Bevel Panel Kit

$24.95 USD
Item# 8788
In Stock Usually ships in 1 to 2 business days.

  • Create a unique gift in a single evening
  • A great way to get started in stained glass
  • Can be assembled using lead came or copper foil
  • Frame measures 9" x 11", 12 pieces plus center cluster

Product Description

Make a Stained Glass Bevel Panel Easily
Create a keepsake bevel panel in a single evening with this convenient kit .An elegant classic design that can be completed easily whether you're a beginner or looking for a simple project that you can finish quickly.  A great way to get started in stained glass or introduce a friend to the craft! Create a 9" x 11" panel featuring a small star bevel cluster and bevel border. The full sized pattern, included, makes it easy to lay out your project.

Kit includes:

  • 12 Bevels to complete the frame
  • 1 Small star bevel cluster for the centerpiece
  • Pattern for assembly
Also requires 1 each: small piece of background glass, zinc or copper came and basic stained glass tools and supplies.

Panel shown as primary image by artist Steena Gaut, second stained glass panel created during Beginning Lead Came Class at Delphi's Lansing Creativity Center. 

Customer Reviews

5 out of 5 stars
5 star  
4 star
3 star
2 star
1 star
See all customer reviews
Write a customer review

Product Images from Customers

Be the first to share product images with other customers
5 out of 5 stars
  •   Love it!
By on
Pros : My first use of bevels/kit; everything was perfect and the result was beautiful.
Cons : none
Other Thoughts : A great way to get started using bevels in a project.
Was this review helpful to you?  
1 of 1 people found this review helpful
5 out of 5 stars
  •   A Great Gift
By on
Pros : This was a gift for a beginner that worked out well
Cons :
Was this review helpful to you?  
2 of 2 people found this review helpful

See all customer reviews
Related Content
May 14, 2012
Heres our list of 5 Favorite New Items from the May 2012 edition of Stained Glass News. 1. Hot, Hot, Hot by Christine Stewart Celebrated glass artist Christine Stewart brings us a long-anticipated new title. In her signature mosaic style she serves up 18 projects ranging from fused glass dinnerware to stunning mosaic wall art created with fused inclusions. 2. Inspired by Frankye Cartner and Suzy Huber This stained glass pattern portfolio contains 16 designs for panels in a variety of themes. Each project includes recommendations for using wire, bevels or other accents, and a suggested enlargement size. Projects are certain to provide a fun challenge for beginners and intermediate artists alike. 3. Assembling 3D art just got easier with Handy Wedges These simple non-slip foam rubber blocks offer the perfect solution when you find yourself in need of another set of hands. The triangular shape lends itself to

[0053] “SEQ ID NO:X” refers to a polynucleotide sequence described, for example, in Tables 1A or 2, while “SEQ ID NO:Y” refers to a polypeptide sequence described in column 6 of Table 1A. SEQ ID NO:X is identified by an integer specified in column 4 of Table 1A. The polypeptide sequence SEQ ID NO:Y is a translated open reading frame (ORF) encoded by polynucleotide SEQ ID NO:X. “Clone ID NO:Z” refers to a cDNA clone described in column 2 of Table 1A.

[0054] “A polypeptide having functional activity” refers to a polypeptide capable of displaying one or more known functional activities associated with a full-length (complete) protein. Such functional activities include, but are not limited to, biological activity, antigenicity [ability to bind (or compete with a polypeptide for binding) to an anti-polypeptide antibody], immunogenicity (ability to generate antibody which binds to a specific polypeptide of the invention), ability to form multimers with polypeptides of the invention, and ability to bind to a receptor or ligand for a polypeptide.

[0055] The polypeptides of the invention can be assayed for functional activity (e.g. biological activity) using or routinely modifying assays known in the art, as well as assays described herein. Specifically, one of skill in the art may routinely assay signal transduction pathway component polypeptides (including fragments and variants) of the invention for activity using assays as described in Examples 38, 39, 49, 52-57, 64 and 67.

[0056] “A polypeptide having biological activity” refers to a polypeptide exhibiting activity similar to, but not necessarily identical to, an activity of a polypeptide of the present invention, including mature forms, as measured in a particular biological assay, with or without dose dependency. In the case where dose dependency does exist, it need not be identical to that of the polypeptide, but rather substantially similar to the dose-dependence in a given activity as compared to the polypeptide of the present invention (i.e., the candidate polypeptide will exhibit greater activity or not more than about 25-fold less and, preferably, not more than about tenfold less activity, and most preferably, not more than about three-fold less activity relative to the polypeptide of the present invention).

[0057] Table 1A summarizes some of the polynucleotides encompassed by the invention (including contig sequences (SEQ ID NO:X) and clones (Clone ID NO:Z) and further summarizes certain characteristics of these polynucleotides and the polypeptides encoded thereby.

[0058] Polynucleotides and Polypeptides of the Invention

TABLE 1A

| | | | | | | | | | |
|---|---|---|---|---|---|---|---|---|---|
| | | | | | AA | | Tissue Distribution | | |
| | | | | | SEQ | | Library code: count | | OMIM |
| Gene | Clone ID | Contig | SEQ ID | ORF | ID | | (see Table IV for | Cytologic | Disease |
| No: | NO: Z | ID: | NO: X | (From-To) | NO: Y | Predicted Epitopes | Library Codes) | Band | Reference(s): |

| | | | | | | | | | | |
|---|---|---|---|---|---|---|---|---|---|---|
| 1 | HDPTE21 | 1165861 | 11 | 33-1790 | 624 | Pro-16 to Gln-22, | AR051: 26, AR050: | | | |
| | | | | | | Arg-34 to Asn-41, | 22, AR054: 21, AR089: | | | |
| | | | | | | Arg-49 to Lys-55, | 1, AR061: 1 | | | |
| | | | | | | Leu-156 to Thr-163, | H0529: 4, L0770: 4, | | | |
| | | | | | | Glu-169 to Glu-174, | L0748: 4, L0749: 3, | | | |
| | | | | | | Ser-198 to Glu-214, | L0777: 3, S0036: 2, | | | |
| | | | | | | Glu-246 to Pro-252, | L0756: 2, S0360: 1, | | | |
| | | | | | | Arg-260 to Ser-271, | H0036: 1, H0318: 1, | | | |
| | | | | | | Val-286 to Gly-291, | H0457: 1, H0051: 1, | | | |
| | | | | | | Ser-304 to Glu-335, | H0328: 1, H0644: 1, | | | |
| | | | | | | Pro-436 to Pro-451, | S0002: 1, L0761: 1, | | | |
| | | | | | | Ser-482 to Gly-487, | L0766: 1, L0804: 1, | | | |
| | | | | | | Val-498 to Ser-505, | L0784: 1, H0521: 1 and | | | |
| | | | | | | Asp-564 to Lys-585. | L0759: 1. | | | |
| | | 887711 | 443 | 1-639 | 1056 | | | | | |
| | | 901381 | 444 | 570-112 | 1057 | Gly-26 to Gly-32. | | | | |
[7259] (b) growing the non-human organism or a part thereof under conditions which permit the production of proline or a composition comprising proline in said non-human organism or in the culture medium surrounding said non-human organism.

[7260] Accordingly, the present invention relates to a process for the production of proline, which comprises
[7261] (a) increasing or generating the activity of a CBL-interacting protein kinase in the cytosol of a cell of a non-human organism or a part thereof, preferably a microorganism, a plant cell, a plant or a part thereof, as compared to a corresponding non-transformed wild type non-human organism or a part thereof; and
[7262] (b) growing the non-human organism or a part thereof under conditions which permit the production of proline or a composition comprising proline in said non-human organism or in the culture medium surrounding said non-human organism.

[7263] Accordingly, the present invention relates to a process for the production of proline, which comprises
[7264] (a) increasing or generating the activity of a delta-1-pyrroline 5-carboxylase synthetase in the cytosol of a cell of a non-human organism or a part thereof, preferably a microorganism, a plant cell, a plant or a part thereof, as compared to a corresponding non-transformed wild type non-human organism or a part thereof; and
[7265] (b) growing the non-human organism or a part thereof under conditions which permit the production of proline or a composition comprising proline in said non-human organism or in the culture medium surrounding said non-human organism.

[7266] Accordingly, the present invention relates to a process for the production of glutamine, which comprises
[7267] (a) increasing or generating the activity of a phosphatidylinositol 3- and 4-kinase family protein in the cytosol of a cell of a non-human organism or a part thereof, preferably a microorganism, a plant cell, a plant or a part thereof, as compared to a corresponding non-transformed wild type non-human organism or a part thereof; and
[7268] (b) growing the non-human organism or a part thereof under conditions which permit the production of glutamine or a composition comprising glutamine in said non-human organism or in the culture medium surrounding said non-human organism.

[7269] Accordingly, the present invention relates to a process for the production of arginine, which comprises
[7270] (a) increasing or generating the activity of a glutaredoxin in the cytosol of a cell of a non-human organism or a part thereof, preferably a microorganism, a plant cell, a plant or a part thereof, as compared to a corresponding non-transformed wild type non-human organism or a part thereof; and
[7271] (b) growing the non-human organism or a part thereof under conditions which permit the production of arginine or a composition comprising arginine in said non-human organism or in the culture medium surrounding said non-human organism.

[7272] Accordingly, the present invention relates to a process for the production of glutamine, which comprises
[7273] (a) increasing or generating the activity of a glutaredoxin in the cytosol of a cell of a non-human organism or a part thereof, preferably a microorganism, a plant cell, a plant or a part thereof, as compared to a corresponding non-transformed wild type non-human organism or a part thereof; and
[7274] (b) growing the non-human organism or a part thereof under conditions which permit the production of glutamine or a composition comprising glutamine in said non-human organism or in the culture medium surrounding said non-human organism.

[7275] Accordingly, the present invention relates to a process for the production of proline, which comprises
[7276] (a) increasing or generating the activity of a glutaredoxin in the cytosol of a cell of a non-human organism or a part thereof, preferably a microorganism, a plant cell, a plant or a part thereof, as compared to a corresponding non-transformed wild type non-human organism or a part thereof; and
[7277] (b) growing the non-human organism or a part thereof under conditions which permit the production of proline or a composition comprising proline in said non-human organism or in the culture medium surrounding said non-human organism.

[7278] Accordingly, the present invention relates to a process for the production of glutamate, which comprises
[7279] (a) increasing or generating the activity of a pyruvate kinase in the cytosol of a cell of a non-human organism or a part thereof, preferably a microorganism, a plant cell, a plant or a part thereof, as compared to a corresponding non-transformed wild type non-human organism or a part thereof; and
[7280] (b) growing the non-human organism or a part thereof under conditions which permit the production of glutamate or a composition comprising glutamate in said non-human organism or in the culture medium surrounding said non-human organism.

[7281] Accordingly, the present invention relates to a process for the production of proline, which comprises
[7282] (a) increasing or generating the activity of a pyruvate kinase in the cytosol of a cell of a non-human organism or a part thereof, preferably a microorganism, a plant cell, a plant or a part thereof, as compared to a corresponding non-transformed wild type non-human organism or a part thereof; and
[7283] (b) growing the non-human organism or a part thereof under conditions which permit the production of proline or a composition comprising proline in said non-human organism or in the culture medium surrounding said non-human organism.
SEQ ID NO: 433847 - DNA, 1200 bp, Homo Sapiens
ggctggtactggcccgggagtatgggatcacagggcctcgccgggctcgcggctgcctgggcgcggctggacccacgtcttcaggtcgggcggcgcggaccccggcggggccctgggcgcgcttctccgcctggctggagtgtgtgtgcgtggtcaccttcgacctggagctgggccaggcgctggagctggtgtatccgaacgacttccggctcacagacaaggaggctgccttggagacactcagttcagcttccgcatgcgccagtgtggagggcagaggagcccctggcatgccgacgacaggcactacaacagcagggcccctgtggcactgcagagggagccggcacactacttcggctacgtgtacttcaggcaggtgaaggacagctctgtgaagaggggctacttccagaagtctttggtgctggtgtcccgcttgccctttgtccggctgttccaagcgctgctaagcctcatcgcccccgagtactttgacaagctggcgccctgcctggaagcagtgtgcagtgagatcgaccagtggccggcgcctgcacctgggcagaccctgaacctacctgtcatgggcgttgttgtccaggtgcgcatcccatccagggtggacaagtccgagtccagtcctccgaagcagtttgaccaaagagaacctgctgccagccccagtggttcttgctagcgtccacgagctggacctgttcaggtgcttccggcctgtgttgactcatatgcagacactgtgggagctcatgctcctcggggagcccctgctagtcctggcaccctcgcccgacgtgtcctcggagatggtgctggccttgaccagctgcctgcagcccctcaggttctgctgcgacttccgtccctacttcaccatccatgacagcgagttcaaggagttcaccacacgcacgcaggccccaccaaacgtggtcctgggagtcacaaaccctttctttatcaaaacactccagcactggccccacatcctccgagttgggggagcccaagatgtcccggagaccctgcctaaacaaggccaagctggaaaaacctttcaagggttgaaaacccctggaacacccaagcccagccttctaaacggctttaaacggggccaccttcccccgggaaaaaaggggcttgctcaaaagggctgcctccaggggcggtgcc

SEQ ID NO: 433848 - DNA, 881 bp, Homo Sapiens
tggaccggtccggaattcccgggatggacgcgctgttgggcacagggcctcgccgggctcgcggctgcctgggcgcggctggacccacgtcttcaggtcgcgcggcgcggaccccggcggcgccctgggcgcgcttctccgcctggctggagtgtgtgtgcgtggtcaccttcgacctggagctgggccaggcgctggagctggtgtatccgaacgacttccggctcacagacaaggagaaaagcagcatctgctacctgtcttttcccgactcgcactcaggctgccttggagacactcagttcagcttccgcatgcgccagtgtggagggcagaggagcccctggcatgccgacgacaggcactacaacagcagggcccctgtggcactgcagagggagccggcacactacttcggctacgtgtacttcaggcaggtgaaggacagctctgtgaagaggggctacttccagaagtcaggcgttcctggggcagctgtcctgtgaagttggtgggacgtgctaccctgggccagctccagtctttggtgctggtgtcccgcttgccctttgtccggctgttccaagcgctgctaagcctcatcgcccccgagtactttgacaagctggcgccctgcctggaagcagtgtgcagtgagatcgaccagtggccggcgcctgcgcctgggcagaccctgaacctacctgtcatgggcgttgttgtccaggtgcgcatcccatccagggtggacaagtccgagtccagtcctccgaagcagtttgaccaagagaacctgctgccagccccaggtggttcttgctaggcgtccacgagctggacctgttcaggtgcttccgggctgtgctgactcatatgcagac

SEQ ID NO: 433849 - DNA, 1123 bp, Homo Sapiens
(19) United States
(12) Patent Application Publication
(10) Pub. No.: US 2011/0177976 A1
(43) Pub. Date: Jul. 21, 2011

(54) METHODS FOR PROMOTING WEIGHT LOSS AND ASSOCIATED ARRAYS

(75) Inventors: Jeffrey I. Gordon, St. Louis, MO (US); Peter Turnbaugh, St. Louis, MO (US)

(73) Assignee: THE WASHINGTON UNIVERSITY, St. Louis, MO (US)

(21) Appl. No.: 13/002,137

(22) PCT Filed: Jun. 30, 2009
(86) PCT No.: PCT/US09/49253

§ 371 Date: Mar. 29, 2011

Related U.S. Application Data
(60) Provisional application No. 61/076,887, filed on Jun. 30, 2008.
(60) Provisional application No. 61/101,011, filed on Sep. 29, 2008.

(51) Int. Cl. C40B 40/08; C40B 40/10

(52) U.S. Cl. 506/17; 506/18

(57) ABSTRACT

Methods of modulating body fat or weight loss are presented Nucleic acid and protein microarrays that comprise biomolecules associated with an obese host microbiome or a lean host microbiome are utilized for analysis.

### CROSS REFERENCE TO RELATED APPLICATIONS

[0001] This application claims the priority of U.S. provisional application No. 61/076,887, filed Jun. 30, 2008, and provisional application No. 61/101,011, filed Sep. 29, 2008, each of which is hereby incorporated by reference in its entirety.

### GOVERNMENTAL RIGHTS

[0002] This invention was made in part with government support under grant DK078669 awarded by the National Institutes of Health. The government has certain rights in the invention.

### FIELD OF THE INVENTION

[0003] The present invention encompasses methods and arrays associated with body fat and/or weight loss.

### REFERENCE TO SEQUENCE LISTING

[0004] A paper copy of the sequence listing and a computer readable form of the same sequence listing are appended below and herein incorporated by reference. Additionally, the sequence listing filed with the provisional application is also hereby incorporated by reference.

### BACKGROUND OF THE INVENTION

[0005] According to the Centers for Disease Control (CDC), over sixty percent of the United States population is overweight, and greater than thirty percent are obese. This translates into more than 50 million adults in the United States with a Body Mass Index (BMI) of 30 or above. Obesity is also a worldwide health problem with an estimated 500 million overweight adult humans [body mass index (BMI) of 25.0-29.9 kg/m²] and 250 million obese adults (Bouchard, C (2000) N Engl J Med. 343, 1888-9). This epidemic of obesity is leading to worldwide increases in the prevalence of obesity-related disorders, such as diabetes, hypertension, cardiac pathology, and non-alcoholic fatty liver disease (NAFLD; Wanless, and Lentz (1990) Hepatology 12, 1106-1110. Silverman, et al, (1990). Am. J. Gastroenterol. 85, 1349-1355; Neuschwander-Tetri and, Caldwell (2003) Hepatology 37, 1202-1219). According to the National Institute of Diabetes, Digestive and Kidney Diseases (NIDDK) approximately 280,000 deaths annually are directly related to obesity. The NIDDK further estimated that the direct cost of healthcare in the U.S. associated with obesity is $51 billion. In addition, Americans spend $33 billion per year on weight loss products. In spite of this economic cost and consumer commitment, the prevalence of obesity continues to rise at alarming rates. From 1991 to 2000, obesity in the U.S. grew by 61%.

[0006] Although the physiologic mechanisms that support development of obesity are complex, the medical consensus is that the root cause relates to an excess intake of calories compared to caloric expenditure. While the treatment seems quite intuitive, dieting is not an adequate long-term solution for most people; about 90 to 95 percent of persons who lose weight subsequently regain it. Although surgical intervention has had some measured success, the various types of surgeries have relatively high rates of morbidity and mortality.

Jan 21, 2011
Of all the art mediums, glass is perhaps the most beautiful way to capture the magic of Mardi Gras. Glass artists in New Orleans, and across the US and worldwide, are embracing the holiday and creating some incredible projects. The Mardi Gras celebration is full of color and symbolism, and provides inspiration for bold, eccentric art. Delphi Artist, Julie Haan, whose talent extends into fusing, stained glass, mosaics and beyond, created the awesome projects you see in this post. Her inspiration? The rich history behind one of the worlds most beloved celebrations. The actual phrase Mardi Gras means Fat Tuesday in French. Its a long lasting European custom for people to overindulge before the sobering beginning of Lent. Some scholars believe the original roots can be traced back to ancient Roman times during their springtime feasting. In the United States, the Grand Capital of Mardi Gras is New Orleans,
Sep 08, 2010
Mary Datwyler is the owner and primary designer of Sunflower Glassworks, Delphis latest Elite Dealer. She has over 20 years experience in art glass, seven of which has been running her full-service glass shop. Her work has been taken to six continents (anyone headed for Antarctica?) and has been featured in print and cable TV. Recently, staff at Delphi Glass sat down with her to ask the artist a few questions about her work and her inspiration. How did you get involved in art glass? As a child my mother shopped religion so I was exposed to many styles of stained glass (and philosophies) in all of the various buildings I was in for religious training. Thats where it began. I took my first class nearly 20 years ago and after working in glass for 12 years, I finally was brave enough to sell my first piece to the